The Washington Redskins formally appealed a U.S. Patent and Trademark Office decision that canceled the trademark on the team’s name.
The professional football team filed the appeal in the U.S. District Court for the Eastern District of Virginia on Thursday after a June ruling by the trademark office found the team’s name to be “disparaging” to Native Americans. That ruling would strip the team of all legal protections for its trademark.
Raskopf expressed confidence in a win, pointing to a "virtually identical" case that the team won in 2003.
The filing was expected; the team quickly vowed to appeal after the ruling in June.
The Patent Office’s Trademark Trial and Appeal Board in June found six Redskins trademarks were “disparaging to Native Americans at the respective times they were registered,” and as a result should be canceled.
The ruling left the trademarks in place until the court reviews the issue, which could end up taking years.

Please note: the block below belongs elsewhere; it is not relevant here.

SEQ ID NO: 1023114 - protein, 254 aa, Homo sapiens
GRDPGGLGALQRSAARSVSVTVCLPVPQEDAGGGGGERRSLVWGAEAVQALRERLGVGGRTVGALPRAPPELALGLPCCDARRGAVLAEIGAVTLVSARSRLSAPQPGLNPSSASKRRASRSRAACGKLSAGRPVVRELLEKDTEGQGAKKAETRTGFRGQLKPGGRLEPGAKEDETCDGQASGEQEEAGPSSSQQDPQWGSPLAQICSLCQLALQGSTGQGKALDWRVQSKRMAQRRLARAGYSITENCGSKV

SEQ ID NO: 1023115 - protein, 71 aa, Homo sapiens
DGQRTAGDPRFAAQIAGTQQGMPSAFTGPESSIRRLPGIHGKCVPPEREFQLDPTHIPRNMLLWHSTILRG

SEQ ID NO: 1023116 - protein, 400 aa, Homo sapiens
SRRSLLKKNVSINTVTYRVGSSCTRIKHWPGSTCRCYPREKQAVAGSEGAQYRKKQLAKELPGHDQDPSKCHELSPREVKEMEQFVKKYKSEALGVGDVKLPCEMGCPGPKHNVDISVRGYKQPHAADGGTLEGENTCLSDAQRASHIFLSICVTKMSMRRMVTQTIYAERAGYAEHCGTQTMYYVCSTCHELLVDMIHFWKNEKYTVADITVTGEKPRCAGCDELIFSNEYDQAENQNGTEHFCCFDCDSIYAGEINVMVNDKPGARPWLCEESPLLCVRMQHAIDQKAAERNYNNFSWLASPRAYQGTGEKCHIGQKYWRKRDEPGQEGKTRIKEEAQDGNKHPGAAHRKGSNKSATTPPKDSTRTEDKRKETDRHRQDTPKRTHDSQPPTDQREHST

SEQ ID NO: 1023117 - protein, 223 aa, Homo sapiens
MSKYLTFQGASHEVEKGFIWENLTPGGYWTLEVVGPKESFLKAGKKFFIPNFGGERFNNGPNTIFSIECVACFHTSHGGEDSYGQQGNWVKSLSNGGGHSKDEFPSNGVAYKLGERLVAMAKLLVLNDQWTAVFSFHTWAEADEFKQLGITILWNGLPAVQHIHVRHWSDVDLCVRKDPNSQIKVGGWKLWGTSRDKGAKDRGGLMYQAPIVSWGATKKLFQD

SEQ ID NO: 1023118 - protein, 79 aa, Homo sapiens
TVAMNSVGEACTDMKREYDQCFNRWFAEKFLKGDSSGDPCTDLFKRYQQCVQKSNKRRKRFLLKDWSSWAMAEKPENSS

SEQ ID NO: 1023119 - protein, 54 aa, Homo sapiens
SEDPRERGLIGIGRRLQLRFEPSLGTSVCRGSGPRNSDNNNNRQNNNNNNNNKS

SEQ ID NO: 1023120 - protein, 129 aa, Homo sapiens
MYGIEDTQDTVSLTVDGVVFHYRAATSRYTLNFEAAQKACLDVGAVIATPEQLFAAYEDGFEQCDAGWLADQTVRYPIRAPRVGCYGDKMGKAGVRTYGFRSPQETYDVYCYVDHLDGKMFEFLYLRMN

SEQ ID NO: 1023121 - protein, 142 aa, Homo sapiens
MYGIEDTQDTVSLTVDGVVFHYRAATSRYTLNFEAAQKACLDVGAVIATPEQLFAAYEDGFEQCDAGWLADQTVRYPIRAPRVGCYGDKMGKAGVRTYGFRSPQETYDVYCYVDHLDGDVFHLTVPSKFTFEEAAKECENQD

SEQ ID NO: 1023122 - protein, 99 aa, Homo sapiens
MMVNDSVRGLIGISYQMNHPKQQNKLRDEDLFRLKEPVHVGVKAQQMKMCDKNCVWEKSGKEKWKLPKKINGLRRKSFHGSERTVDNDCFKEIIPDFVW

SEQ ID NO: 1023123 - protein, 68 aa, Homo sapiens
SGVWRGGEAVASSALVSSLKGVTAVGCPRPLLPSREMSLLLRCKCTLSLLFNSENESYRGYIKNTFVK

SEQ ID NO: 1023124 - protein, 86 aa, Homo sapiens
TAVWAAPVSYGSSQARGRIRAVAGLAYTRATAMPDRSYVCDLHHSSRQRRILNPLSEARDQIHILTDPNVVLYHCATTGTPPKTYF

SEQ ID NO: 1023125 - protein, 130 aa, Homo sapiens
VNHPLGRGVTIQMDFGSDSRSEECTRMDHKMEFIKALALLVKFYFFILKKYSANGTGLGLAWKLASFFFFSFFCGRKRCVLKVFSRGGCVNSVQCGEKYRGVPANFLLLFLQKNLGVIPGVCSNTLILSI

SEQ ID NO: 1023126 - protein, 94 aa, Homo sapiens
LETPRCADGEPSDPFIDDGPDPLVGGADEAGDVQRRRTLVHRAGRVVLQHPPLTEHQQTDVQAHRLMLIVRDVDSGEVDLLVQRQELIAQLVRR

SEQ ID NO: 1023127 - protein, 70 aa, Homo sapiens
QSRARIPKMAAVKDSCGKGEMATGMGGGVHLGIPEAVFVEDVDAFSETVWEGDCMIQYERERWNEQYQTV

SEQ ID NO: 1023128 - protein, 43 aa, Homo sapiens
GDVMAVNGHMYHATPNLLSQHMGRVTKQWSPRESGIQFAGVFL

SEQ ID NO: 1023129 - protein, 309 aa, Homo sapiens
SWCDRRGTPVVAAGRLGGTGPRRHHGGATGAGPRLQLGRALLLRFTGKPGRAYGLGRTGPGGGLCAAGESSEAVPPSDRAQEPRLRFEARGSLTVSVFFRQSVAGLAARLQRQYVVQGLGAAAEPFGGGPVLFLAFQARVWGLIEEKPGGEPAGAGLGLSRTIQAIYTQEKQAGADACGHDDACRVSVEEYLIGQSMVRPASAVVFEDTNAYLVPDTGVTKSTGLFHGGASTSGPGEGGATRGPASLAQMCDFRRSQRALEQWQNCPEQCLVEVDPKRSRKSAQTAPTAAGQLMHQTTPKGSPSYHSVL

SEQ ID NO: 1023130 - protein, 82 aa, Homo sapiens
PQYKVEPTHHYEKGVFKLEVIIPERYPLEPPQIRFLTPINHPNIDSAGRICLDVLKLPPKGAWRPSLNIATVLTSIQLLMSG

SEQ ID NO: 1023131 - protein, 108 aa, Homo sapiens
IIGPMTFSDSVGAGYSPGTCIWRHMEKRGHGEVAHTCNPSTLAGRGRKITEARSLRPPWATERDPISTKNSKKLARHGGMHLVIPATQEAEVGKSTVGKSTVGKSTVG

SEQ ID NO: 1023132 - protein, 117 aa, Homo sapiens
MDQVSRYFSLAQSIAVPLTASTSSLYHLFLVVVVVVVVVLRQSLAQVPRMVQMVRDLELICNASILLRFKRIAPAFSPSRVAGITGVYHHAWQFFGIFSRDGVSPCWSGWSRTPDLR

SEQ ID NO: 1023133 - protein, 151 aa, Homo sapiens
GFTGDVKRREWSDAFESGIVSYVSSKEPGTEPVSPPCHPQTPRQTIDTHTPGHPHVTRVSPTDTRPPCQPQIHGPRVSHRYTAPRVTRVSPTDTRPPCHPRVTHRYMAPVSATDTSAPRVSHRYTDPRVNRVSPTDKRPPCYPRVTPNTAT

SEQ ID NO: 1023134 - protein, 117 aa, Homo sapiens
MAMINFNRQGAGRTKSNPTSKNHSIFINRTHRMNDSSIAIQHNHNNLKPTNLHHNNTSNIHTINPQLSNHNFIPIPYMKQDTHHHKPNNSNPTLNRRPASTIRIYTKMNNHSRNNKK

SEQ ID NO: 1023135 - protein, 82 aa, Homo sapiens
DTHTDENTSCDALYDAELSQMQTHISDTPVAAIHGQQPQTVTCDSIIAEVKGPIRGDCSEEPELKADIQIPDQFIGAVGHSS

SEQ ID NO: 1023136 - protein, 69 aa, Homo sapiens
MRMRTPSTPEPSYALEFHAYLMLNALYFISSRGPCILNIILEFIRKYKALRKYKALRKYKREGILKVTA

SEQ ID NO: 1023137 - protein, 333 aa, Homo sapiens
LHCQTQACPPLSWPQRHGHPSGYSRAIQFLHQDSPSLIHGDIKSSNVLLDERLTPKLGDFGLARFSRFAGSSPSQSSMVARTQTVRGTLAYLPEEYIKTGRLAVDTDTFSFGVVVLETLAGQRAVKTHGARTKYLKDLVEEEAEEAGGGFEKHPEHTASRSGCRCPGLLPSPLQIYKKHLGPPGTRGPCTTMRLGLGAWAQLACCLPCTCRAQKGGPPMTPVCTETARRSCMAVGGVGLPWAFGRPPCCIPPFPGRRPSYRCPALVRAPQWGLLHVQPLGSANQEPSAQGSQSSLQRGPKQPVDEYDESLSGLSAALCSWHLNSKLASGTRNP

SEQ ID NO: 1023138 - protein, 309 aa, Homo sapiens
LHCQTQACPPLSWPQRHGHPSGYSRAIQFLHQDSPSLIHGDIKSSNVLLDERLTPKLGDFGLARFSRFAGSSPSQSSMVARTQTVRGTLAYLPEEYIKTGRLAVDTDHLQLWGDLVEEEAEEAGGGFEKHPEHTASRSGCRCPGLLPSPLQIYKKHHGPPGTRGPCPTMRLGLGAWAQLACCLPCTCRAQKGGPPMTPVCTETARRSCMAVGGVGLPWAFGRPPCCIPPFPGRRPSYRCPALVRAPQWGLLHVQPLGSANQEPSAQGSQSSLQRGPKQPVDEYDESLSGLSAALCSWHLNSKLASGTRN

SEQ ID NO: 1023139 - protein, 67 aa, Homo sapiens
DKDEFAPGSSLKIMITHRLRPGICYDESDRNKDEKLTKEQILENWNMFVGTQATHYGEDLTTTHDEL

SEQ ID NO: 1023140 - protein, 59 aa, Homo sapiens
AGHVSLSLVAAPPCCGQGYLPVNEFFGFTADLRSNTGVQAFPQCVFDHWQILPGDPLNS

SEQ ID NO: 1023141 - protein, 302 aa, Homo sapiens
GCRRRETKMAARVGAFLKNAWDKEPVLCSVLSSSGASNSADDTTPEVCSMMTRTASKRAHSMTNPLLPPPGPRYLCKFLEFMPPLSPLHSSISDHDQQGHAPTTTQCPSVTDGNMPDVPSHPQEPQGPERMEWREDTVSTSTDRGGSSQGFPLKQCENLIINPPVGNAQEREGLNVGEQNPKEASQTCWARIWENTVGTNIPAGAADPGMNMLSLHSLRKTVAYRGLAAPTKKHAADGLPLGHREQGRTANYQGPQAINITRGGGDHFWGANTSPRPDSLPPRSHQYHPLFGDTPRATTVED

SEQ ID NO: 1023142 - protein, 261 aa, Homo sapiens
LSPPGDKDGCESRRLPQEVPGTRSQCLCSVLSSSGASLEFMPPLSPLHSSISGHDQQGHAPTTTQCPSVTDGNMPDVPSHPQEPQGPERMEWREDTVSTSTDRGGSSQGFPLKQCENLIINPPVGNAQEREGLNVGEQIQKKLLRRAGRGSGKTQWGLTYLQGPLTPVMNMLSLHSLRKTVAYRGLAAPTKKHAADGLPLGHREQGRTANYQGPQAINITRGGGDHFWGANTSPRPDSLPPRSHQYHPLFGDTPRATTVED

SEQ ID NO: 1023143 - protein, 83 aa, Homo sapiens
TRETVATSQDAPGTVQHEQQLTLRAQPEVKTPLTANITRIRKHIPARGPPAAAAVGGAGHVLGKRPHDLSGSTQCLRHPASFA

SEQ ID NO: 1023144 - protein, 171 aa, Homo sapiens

The trademark office made a similar ruling in 1999, but the U.S. District Court for the District of Columbia reversed the board's decision in 2003 after lengthy litigation.
The team’s appeal argues that Native Americans did not consider the team name disparaging when the trademarks were put in place between 1967 and 1990 — a key factor in the decision.
The team also claimed the board ruling violated the Redskins's First and Fifth Amendment rights.
In recent years, the debate over the name has intensified, with 50 Democratic senators and nearly every Democratic Party leader calling for a name change. However, the Redskins and the NFL have continued to defend the name.